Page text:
Market insight A long read on london
Market insight reports

A long read on london
What will a post-covid capital look like?

The London housing market began to rebound in 2021, with prices reaching new peaks in 30 out of the 33 boroughs. However, the capital’s revival should be seen in context. The last time that an average home in London found a buyer faster than one outside the M25 was back in March 2016.

In March this year, it took an average of 43 days to sell a London home - which was 16 days longer than the average time-to-sell for other regions.

The pandemic race for space, affordability pressures on younger buyers, a lack of international buyers and changes to taxation are among the factors holding back the London market. The cost of living squeeze is set to soften demand, although homeowners with equity in their existing homes and lockdown savings should be less affected.

However, the slowdown in the city was exacerbated by lockdowns, London started to lag other regions in 2017. We expect this trend to continue until 2024 when we forecast that the current housing cycle should come to an end. Subsequently London should once more begin to outperform other regions.


A price divide between inner and outer London has been a long-standing feature of the market, but this gap has shrunk. This reflects the impact of the pandemic on international travel and the stamp duty surcharge on the demand for homes in the central postcodes of the city. But it also highlights the desire for properties with substantial gardens in affluent leafy suburbs like Richmond.

The gap between the average prices in the Inner and Outer areas of capital was as much as 50% in 2013, shrinking to 33% in 2020. It now stands at 31%, its lowest in percentage terms since 2009 when the economy was still suffering the effects of the global financial crisis. The difference in the average cost between a home in Inner London and Outer London is £145,400.

The appeal of the smarter suburbs isunderlined by the performance of these locations in 2021. By the end of December, the average price in Richmond was 10.3% above its previous peak. Islington, which offers more spacious houses close to the City, was 11.3% above that level. Barnet, Bromley and Sutton also scaled new heights.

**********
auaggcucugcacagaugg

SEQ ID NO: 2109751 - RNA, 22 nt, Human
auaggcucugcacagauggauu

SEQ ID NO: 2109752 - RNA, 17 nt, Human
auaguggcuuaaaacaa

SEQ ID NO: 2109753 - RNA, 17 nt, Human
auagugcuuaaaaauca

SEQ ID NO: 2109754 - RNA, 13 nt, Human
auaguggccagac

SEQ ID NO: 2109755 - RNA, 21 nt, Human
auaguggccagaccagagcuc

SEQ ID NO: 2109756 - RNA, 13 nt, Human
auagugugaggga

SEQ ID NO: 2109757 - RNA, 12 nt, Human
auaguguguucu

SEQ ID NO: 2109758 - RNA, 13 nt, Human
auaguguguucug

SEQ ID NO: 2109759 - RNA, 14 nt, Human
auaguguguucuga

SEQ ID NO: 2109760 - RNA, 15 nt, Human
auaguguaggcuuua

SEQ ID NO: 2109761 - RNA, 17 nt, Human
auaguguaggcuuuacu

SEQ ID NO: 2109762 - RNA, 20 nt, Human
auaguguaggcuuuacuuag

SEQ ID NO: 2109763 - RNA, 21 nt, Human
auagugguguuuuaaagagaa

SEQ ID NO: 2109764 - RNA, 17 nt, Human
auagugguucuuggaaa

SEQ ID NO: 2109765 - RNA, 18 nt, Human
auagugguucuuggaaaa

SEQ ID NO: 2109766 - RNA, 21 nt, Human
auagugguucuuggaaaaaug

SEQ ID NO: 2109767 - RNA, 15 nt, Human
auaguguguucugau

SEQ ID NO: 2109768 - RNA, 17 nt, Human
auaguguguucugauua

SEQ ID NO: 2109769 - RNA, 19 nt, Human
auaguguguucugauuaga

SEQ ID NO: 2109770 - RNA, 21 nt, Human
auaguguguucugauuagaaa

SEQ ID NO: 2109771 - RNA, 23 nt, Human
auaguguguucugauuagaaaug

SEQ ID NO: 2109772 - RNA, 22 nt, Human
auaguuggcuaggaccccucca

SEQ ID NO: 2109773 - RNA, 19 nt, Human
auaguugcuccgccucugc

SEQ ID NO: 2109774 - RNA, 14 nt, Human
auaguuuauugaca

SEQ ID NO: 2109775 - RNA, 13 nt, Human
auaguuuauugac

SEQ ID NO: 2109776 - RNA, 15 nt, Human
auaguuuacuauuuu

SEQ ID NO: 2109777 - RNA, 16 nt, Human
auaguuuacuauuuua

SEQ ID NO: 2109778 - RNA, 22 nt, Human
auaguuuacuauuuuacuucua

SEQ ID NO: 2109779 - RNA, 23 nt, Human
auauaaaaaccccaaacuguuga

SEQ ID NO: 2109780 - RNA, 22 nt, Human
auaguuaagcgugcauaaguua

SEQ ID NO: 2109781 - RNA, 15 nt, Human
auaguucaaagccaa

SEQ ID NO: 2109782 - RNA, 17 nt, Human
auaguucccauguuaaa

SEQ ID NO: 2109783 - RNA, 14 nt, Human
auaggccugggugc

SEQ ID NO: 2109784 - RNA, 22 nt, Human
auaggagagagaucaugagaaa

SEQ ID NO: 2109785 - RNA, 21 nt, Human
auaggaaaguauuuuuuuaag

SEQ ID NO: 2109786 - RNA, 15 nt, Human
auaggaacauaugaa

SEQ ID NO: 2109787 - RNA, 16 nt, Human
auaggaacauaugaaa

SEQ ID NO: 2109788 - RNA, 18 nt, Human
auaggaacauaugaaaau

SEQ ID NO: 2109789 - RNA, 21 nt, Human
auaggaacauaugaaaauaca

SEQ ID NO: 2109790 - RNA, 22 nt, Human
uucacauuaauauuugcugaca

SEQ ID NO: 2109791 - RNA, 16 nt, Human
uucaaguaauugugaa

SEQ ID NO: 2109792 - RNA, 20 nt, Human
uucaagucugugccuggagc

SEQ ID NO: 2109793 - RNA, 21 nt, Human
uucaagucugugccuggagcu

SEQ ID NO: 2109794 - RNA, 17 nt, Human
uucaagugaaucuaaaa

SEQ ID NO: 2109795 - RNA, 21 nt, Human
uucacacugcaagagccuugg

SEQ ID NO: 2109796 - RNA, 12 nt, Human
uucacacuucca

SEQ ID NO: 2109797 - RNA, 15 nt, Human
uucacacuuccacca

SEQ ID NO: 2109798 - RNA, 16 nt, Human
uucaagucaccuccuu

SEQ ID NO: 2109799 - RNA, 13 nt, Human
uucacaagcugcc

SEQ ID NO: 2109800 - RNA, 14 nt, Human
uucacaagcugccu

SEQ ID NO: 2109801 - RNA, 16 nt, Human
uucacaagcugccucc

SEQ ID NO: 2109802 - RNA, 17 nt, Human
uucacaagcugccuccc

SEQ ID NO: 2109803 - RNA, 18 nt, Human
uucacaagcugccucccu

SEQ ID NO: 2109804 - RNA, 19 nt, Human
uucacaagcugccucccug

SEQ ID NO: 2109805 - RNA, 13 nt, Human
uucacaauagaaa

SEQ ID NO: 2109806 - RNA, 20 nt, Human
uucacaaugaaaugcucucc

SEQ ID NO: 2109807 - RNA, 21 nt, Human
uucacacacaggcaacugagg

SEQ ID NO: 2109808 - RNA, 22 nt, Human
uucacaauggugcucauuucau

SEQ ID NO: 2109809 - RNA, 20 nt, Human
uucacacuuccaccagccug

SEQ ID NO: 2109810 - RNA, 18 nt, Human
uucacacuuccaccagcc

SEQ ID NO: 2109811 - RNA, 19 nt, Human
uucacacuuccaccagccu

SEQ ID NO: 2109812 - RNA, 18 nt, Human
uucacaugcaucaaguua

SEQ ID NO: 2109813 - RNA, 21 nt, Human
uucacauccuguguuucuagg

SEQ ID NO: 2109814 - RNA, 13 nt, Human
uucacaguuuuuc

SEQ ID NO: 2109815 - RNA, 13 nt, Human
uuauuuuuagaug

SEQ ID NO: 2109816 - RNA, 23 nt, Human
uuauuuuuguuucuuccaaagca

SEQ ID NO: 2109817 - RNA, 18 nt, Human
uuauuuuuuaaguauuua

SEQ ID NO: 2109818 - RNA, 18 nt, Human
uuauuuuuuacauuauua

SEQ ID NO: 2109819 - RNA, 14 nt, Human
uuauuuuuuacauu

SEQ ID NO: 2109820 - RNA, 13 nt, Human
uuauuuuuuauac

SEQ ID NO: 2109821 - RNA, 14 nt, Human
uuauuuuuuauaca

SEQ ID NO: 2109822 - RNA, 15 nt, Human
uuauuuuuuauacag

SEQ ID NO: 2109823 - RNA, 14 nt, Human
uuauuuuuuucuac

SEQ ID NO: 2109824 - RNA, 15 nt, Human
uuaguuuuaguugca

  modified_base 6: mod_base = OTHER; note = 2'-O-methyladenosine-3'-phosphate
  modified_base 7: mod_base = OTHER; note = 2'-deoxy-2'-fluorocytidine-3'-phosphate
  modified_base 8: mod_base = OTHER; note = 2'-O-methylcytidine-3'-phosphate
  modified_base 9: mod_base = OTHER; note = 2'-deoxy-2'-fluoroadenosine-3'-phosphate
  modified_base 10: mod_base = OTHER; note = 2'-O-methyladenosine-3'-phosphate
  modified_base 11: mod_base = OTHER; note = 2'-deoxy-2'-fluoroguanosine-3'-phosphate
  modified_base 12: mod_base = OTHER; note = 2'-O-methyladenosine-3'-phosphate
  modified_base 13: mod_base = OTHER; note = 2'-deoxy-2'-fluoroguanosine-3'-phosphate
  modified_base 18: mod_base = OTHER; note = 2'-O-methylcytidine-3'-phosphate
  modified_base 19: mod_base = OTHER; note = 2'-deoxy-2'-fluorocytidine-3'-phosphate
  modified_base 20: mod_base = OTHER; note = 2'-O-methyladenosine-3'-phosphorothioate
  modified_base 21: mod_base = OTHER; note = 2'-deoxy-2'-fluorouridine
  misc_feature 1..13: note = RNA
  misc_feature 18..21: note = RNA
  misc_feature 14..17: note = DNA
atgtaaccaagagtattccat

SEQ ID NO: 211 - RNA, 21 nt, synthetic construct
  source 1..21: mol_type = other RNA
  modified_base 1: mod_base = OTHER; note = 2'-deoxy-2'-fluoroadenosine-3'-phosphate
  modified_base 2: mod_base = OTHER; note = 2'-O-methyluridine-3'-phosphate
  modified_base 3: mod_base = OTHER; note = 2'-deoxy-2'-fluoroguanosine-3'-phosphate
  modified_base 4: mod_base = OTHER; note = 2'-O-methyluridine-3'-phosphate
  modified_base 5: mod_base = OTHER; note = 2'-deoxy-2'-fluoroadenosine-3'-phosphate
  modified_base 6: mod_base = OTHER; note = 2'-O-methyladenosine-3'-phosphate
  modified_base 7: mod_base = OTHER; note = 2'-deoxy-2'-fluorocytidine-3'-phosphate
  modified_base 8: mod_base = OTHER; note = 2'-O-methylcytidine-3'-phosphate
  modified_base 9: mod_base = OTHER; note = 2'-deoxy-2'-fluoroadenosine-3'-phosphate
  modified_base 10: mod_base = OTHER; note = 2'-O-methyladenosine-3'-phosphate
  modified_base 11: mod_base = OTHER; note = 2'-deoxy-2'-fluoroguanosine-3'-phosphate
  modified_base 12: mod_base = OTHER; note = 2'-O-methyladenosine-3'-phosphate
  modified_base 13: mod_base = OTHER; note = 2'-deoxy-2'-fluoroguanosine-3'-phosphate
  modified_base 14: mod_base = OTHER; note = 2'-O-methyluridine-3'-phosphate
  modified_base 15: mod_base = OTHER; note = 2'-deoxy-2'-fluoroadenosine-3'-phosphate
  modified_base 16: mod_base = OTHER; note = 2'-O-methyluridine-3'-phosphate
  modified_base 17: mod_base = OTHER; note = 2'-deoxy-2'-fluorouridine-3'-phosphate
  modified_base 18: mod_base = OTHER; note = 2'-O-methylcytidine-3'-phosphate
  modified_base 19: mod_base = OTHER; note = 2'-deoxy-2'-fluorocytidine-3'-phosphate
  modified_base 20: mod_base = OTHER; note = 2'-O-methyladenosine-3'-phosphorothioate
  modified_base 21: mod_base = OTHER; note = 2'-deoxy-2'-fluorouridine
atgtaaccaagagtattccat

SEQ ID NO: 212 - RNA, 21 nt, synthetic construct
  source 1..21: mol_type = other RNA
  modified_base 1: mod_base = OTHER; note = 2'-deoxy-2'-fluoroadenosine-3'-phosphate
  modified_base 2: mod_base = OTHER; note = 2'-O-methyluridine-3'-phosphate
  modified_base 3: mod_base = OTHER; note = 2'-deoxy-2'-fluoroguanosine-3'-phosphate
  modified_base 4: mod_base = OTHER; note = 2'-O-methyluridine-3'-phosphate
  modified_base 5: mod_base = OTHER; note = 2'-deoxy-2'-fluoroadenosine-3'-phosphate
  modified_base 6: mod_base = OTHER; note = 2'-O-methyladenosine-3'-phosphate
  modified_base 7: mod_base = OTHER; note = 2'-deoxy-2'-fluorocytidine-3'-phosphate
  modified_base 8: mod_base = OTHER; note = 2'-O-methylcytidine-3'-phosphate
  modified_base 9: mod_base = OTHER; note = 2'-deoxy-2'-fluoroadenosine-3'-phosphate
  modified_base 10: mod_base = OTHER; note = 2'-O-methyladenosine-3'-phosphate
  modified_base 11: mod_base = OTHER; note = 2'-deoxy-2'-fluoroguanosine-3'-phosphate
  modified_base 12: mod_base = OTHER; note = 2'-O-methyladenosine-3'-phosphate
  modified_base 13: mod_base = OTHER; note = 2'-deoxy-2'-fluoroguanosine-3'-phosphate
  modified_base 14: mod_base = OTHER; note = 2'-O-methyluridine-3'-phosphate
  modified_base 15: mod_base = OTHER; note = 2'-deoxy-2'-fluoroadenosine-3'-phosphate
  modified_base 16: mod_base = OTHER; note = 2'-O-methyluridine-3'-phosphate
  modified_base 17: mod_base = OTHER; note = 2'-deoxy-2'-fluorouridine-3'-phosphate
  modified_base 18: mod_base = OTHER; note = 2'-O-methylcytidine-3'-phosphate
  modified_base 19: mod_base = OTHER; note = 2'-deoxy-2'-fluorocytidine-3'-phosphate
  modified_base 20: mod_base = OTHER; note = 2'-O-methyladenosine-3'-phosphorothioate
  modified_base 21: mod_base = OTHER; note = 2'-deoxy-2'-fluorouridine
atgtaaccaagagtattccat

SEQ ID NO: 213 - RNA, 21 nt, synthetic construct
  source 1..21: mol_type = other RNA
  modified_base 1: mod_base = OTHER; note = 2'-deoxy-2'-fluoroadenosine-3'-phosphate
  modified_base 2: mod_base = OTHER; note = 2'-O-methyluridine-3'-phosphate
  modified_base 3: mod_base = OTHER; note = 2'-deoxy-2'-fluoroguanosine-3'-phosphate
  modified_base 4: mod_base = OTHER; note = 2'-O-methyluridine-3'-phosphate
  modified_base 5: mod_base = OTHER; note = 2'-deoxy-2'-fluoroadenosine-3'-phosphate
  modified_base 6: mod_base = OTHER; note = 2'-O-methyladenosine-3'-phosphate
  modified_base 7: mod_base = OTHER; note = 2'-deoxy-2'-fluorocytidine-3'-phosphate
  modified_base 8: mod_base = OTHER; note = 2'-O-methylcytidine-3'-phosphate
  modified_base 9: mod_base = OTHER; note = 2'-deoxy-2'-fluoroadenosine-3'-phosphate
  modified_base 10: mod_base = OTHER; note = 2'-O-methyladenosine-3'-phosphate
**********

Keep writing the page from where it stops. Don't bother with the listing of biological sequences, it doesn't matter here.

These figures demonstrate the broader revival of London in 2021: prices in 30 of the 33 boroughs were above their previous peaks (the largest number since 2017) against 23 in 2020. Only Tower Hamlets, Westminster and Kensington & Chelsea failed to surpass their previous highs. But Kensington & Chelsea is set to exceed its 2018 peak within the next few months.


House-hunters from overseas returned to prime central London in 2021, with EU nationals being the keenest to acquire real estate in the capital. They accounted for 14% of all deals; purchasers from the Middle East were next in line with 7%.

Sales to all international buyers made up 43% of transactions in prime central London. But they did not venture much into the outer London boroughs where the rebound was driven by domestic demand. Across Greater London, foreign nationals made up 18% of buyers in H2 2021, the lowest figure on record

Buyers moving house dominate property purchases in London, accounting for 55% of deals in 2021 and for 56% in the year to date. But, as the cost of living squeeze takes hold, first-time buyers seem to be starting to face more challenges, making up 33% of deals since the start of this year, against 35% for the whole of 2021.

recent years, investors have purchased 8-10% of properties. Their buying peaked at 17% in 2015 ahead of the reforms of the landlord mortgage tax relief that began to take effect in April 2017. Since 2009, buyers seeking a second home have acquired 1-2% of properties on the market.


As a result of London’s muted tempo, househunters who are leaving town to find extra space and more substantial gardens must now move further out.

Since 2017 the average London house price has risen by 7% to £657,200. Over the same period, the average price outside the capital has increased by 22% to £305,650.

In 2017, the average home outside the capital cost 59% less than in London. This meant a household that moved 10 miles outside the capital could save an average of £66,000 on a new home or secure an extra 183 sq ft of space, equivalent to the size of a garage.

Stronger house price growth in the country since then has meant that this divide narrowed to 54% in 2021, obliging a household quitting the capital to move 20 miles out to find a home offering a saving of £66,000. Opting to move only 10 miles out would secure only 61 sq ft more space.

Tenants in search of more space for home working have also been forced to go further out of town. For example, the average rent in the South West increased by 23% between the start of the pandemic and March 2022, the strongest growth of any region. London rents have risen at a more modest rate.

Covid dealt cities across the world a bit of a blow. A decades’ worth of change was squeezed into a couple of years. But in the UK, we’re now closer than perhaps any other country to what a post Covid world looks like. A bounce back in office working, but not to the levels it once was, the rise of home delivery from both online and high street retailers and the shift on the high street away from products towards experiences and services are all on the cards. As London has done so many times before, it is once again reinventing itself.

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Market Insight Spring 2022

Market Insight Spring 2022
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